Origo.hu reports that since the European Union was joined by Eastern European countries, the number of Hungarian people in London got doubled. Apart from Eastern Europe, most of the job seekers go to Britain from south of the Euro-zone. They leave their countries because of the better labour conditions and more opportunities that are available in the United Kingdom.
Since the Union’s expansion in 2004 the number of foreign, EU nationals living in the United Kingdom became twice as much as it was: by now over 3 million EU nationals live there. According to the Migration Observatory’s research, referred to by origo, the top 6 nations sending people to the UK are Poland, Romania, Spain, Italy, Hungary and Portugal.
It is also reported that from those 6 countries only 1.04 million people arrived to the UK in 2011, whereas in 2015 1.59 million were living there, making up 79% of the increased migration (since 2011). Furthermore, the report includes that the number of Polish people living in the UK rose to 818 thousand from 615 thousand, and the number of Romanians to 227 thousand from 87 thousand.
Also, 137 thousand Spanish people lived there by 2015, while previously, in 2011, 63 thousand did. The number of Italians also increased: it was 126 thousand before, but it rose to 176 thousand. So did the number of Hungarians: it was 96 thousand last year and became 50 thousand in 2011. About the Portuguese people, it turned out that earlier 96 thousand lived there, by 2015 that number became 140 thousand.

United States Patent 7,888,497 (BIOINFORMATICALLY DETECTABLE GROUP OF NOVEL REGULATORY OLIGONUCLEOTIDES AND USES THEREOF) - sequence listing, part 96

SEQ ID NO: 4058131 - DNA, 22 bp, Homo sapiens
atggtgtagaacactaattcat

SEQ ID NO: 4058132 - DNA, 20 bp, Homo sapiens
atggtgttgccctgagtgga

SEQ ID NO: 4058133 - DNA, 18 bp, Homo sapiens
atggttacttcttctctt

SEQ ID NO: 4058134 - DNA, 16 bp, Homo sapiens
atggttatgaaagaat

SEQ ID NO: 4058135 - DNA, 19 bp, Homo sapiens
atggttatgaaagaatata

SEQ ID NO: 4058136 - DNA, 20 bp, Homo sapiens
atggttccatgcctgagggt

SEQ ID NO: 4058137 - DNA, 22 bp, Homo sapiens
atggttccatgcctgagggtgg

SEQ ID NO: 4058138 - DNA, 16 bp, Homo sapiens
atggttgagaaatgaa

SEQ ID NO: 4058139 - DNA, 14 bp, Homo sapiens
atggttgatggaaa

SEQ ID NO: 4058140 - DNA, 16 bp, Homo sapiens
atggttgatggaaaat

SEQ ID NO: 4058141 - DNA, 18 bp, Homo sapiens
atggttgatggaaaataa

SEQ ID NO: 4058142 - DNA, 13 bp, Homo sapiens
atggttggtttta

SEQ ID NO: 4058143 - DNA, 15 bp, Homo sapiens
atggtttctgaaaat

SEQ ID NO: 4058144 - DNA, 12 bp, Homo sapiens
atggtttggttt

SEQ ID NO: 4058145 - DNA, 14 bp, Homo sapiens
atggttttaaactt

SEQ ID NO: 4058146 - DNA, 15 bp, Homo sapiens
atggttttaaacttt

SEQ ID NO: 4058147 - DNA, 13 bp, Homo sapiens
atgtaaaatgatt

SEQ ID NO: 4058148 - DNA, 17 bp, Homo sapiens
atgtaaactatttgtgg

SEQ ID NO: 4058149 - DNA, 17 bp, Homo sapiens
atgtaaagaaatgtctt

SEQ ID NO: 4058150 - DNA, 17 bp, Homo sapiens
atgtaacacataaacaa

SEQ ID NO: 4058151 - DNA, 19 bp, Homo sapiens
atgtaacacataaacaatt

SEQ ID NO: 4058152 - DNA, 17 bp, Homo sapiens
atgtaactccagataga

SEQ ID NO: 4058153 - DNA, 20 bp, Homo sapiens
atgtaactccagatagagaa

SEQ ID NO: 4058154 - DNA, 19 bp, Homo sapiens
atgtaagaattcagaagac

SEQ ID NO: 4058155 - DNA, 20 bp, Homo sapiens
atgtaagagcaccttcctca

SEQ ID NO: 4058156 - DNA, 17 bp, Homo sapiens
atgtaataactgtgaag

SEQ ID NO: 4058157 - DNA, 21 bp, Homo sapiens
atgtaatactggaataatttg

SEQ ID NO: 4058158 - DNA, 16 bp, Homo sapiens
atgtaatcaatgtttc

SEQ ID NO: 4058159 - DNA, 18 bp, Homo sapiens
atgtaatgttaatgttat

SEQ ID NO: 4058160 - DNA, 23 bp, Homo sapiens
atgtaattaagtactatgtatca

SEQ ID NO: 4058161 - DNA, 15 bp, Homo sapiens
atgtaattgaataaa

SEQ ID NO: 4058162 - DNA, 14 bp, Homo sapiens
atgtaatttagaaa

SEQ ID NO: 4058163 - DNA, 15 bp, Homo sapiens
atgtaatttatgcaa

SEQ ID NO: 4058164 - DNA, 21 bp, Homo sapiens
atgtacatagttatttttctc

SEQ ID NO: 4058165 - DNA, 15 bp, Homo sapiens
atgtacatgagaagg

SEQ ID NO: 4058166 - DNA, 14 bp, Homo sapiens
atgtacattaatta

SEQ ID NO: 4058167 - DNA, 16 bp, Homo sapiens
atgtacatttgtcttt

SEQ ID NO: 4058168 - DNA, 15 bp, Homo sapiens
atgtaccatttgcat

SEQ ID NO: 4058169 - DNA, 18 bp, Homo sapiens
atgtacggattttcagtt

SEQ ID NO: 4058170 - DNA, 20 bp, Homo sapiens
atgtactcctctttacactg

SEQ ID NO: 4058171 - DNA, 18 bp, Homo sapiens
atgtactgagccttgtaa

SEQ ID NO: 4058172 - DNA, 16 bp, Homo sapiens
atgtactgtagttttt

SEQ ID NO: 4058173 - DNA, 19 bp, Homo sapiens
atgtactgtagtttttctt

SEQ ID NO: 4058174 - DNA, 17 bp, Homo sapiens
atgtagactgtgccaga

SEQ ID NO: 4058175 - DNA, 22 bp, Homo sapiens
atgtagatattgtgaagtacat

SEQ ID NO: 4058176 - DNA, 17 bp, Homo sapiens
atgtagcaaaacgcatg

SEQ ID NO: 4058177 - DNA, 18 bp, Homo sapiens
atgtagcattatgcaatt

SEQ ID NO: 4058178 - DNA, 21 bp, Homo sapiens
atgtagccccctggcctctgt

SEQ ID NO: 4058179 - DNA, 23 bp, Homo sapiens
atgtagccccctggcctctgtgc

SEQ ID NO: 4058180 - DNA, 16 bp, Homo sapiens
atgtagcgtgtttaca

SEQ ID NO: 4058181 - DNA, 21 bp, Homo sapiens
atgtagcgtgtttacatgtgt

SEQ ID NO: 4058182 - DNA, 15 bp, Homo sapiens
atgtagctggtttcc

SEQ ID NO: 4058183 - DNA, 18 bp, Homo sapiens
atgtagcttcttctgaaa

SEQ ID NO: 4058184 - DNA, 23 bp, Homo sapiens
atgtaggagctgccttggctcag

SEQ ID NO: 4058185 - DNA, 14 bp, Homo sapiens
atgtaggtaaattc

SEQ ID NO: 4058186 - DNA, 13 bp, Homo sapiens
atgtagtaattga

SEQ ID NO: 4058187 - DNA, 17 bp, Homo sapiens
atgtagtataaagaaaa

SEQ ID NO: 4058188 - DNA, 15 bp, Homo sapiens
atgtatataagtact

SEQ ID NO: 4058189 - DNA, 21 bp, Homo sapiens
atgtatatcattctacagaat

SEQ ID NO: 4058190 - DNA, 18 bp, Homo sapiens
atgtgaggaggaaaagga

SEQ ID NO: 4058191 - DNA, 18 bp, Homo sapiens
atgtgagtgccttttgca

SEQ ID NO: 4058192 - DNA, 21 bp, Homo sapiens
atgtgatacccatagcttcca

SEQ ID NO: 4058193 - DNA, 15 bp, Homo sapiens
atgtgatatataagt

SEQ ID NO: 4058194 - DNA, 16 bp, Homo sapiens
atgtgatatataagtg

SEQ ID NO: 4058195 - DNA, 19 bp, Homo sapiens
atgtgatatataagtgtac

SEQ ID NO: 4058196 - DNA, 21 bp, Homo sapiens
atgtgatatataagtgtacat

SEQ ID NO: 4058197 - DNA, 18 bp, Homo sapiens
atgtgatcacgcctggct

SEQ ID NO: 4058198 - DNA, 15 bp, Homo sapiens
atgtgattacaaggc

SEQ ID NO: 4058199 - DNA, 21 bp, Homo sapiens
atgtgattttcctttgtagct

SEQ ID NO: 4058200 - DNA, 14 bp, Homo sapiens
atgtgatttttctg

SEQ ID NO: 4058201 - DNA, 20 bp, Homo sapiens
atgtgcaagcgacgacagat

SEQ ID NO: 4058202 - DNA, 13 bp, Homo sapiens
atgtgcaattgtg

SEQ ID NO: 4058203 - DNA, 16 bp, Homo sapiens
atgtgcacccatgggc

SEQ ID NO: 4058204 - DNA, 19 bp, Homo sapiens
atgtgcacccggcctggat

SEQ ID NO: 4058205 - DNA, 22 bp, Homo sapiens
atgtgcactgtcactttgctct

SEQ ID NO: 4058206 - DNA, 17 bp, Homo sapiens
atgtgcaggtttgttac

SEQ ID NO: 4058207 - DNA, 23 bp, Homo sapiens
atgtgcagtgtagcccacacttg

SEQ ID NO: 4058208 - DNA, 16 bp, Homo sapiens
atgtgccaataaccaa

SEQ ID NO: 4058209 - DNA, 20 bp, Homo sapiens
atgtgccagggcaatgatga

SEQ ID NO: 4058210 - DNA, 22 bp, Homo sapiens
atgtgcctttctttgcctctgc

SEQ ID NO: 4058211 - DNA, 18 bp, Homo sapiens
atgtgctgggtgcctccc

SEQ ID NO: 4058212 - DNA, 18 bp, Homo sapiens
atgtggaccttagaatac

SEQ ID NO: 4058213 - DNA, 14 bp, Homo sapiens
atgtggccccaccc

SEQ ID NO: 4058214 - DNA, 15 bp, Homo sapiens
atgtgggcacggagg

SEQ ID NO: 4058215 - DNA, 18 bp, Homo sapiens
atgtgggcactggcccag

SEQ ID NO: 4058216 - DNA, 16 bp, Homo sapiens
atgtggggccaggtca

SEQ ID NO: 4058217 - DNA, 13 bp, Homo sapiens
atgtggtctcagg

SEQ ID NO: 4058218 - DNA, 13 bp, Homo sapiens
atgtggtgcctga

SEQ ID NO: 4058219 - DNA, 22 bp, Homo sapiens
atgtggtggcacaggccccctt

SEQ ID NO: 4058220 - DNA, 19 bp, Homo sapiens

According to the Migration Observatory’s research, it is not the social benefits why people decide to move to the UK. The poor working conditions and lower wages in the jobseekers’ home countries are the factors that make them leave their homes. For instance, the unemployment rate in Spain is still over 20%, but even in Portugal and Italy it is over 10%, whereas in the UK it is slightly over 5%.
The research observed the wage differences in the case of Poland and Romania, and found out that the median of the income ratio available to spend per households (differences in taxing and living costs were kept in mind) is 1.8 times higher in the UK than in Poland, whereas it is 4.2 times more than in Romania.
Moreover, the Oxford Economics observed the possible effects of Brexit (if most of the people vote for it on the 23rd of March this year), i.e. how the United Kingdom’s exit from the European Union would affect their economy and the results of the following limitations of migration from the EU.
According to their analysis the employees from the EU added 0.5 percentage points to the British economy’s potential growth rate each year from 2005 to 2015, mainly because the young workers from the EU somewhat balanced the negative effects of the aging British society on the labour market.
Also, the analysis shows a model calculation, which says that, if the British government decides to decrease the number of allowed job seekers from the EU, which would meant that 60 thousand less workers could enter the UK (the last 10 years’ average was 104 thousand people per year) then, by 2030, the nominal value of the GDP would be 1.1% less.
Copy editor: bm